Woodard said that Lots-a-tots has been attempting to hire for six months. She shared a similar story to the one offered by Shook. Applications are extremely rare, and the ones they have received have brought empty promises of arrival. She said she’s been trying to understand how to address this attitude towards child care.
“I don’t have a clue. I’ve asked a couple of people and they’ve said, ‘we’re still drawing unemployment.’ And they can draw as much in unemployment sitting at home as they do working. So, they don’t want to apply for a job,” said Woodard.
This means less staff and more work for those that are already there. She said that most of her staff is having to work 50-hour weeks to keep the facility running every day. Lots-a-tots are a three-star center and have just six staff members that take care of 46 children.
“I’m personally in a classroom all day long, and I’m the director. I’m having to do my office work on the weekends and at night because I don’t have the staff,” said Woodard.
Despite the stress of their labor shortage, Woodard said that she is still happy with the job she does. She hopes that the parents of the community can understand and sympathize with the struggle they are currently going through. Primarily, she just wants to find some more individuals with a passion for helping children.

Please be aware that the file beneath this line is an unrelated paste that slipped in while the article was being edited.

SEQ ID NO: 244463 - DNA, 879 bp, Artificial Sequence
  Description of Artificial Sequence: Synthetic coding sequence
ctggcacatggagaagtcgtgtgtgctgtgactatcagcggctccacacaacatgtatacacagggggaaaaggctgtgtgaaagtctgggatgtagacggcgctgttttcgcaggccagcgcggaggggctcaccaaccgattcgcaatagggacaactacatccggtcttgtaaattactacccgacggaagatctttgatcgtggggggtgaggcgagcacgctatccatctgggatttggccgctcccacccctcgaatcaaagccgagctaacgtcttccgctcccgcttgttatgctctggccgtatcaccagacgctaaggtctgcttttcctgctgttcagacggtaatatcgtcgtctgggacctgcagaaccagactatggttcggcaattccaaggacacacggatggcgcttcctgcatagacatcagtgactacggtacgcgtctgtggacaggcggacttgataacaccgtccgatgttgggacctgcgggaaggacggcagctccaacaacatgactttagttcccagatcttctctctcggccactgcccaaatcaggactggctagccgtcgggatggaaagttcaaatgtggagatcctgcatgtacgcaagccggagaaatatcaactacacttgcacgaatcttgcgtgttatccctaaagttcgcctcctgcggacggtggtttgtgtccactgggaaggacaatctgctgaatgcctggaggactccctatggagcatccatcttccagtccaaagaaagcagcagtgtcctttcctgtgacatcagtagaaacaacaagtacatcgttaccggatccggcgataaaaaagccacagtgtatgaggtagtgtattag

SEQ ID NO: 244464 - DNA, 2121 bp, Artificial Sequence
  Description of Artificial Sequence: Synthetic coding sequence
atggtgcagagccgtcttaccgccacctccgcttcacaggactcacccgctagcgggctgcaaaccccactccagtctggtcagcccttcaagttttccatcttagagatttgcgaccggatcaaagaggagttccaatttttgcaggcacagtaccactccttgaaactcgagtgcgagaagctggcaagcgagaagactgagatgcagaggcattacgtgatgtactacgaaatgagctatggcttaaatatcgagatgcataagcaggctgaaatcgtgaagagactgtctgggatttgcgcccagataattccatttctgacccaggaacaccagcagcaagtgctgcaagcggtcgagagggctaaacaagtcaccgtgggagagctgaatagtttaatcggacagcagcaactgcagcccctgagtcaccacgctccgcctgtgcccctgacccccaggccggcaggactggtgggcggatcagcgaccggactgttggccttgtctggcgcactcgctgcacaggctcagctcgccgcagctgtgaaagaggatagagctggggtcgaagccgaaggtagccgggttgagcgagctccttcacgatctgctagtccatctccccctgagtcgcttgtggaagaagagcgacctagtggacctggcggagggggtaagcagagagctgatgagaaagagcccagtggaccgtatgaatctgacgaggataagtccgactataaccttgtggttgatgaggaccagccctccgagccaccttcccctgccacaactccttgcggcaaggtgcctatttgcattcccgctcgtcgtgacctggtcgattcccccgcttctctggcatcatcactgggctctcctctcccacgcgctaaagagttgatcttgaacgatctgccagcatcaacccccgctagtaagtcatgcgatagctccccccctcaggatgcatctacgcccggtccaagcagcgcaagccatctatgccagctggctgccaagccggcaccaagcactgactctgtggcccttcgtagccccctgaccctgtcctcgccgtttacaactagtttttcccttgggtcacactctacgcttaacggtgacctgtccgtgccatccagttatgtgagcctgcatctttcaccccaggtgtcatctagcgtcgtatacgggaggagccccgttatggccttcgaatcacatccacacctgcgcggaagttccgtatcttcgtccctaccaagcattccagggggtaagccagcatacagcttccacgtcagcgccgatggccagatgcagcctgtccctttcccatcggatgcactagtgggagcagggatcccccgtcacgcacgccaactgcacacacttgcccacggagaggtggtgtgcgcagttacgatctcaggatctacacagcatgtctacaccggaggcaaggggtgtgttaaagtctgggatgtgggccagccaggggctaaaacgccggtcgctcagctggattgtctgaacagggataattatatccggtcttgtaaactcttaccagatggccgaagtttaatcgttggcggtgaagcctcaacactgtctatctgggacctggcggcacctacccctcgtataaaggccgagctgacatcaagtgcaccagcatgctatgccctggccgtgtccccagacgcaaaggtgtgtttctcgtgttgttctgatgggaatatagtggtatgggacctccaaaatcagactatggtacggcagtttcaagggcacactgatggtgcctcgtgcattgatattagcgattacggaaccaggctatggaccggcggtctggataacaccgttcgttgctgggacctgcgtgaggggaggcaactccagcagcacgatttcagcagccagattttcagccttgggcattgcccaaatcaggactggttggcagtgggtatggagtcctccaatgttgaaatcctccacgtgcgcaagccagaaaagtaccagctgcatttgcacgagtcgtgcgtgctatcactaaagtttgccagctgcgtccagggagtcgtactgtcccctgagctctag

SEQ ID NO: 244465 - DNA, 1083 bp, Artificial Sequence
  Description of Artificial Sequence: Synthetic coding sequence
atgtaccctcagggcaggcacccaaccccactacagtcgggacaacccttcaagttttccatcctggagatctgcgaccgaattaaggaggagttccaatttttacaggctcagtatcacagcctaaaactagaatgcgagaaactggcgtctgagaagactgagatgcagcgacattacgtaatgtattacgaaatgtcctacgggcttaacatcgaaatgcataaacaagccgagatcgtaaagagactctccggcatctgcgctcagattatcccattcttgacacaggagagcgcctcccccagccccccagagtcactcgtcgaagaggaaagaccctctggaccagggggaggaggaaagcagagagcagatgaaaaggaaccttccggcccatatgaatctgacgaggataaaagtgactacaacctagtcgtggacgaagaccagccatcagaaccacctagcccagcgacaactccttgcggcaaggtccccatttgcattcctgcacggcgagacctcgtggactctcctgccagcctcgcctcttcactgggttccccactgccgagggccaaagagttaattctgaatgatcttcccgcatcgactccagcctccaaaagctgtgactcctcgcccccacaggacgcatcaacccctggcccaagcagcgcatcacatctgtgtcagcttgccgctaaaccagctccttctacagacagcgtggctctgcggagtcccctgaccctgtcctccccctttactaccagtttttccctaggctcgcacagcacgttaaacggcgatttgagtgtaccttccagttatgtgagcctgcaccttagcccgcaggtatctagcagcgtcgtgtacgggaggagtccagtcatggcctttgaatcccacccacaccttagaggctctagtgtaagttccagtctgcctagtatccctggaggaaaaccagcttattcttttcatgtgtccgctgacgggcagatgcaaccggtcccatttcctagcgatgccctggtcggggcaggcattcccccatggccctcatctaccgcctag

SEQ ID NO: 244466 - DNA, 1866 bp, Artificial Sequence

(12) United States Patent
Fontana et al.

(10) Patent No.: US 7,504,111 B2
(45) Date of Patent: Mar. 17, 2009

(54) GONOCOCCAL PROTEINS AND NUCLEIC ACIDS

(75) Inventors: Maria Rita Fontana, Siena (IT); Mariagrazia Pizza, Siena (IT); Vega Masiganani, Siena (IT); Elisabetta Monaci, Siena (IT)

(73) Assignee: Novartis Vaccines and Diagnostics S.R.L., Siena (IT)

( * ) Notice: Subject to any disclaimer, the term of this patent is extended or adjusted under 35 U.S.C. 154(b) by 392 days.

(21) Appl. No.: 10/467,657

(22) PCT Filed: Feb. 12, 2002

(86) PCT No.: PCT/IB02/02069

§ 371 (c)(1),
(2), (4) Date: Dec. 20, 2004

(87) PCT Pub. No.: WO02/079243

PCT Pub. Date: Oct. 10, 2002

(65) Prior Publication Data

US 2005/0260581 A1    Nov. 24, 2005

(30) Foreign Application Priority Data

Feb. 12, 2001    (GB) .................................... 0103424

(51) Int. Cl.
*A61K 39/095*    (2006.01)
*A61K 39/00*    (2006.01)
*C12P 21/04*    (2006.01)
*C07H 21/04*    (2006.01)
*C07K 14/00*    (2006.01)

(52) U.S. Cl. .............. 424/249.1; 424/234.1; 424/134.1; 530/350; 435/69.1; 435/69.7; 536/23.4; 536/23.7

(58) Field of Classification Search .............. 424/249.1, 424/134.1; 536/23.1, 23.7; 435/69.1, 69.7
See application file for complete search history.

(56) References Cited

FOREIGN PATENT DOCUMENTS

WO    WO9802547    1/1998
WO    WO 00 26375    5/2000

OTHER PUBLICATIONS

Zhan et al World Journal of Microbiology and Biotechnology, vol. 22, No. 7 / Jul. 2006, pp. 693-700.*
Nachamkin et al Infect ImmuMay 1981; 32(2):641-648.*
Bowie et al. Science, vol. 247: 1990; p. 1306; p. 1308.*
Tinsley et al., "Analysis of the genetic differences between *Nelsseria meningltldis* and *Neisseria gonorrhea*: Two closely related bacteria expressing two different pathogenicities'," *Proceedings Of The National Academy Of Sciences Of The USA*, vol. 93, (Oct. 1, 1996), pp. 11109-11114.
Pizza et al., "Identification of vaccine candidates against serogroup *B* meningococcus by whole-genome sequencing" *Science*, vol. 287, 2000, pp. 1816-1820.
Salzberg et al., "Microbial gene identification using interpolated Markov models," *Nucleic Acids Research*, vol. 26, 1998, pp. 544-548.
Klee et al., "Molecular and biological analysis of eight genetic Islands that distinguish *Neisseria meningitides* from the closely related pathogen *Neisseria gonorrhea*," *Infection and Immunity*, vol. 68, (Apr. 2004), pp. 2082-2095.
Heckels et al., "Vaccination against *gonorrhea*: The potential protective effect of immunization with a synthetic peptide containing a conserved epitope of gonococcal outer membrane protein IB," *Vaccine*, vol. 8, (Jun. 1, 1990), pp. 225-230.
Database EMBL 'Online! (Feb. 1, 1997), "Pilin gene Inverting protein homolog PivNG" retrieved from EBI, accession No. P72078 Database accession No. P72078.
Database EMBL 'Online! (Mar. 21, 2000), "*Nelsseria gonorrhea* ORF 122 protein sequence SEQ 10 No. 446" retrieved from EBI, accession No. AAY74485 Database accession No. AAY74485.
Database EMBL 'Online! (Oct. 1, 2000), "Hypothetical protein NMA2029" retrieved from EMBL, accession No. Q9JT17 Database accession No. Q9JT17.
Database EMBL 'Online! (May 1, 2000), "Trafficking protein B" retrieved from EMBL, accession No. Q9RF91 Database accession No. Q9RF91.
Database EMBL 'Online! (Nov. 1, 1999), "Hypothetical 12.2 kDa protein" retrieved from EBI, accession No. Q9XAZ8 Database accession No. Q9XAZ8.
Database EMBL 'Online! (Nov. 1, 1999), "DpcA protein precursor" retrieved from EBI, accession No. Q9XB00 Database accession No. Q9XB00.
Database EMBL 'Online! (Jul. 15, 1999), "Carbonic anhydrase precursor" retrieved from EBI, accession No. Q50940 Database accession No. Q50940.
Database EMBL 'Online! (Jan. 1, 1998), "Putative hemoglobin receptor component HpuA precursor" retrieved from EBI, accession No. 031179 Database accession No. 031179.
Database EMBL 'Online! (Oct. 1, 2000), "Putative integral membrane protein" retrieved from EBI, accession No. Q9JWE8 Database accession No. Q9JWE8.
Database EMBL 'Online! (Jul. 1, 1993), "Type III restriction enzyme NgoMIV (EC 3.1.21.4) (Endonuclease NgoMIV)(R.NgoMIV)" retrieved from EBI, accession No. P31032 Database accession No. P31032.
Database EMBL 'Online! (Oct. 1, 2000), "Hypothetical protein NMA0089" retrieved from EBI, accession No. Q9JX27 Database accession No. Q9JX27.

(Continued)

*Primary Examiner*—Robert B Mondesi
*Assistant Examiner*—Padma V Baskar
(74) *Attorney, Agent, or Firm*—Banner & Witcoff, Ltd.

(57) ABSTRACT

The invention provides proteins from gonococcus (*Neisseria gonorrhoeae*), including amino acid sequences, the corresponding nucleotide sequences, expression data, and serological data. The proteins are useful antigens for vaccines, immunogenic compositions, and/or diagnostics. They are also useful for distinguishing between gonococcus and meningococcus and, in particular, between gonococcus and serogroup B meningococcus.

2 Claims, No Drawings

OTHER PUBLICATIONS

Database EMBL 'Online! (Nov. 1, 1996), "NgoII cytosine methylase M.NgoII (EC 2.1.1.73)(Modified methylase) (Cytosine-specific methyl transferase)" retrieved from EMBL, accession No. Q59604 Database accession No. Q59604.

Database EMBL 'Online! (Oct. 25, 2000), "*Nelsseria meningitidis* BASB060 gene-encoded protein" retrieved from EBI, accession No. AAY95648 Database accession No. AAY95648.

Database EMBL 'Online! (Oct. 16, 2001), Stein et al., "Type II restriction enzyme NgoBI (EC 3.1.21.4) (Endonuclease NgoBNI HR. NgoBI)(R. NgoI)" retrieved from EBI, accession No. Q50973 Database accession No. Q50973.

“It is a rewarding field to work in. Because you get to see kids grow up … I’ve had kids from the time they were infants until they went to kindergarten. You make friendships with parents, and you make a bond with the kids,” said Woodard.
She said that they are looking at different grants to help them through this challenging period. That is something that Sheila Hoyle is looking to help with. She said that finding funding is extremely important right now, but also that a structural change will be needed to help permanently.
“I’m one of those people that believes public will has to change before we change anything. The part of public will that has to change is that we have to recognize that the education of young children needs to be an educational service. In this country, we pay for educational services,” said Hoyle.
She said that these centers are a valuable resource for families, but also the entire community.
“Child care is the workforce behind the workforce. Young families can’t go to work if they have young children, and they can’t find child care for them,” said Hoyle.
“It is a very exciting time in child care. Because during the pandemic we really understood that child care centers provide educational value and economic value. Because we’re an educator for young children, but we’re also the economic stability for parents that want to work.”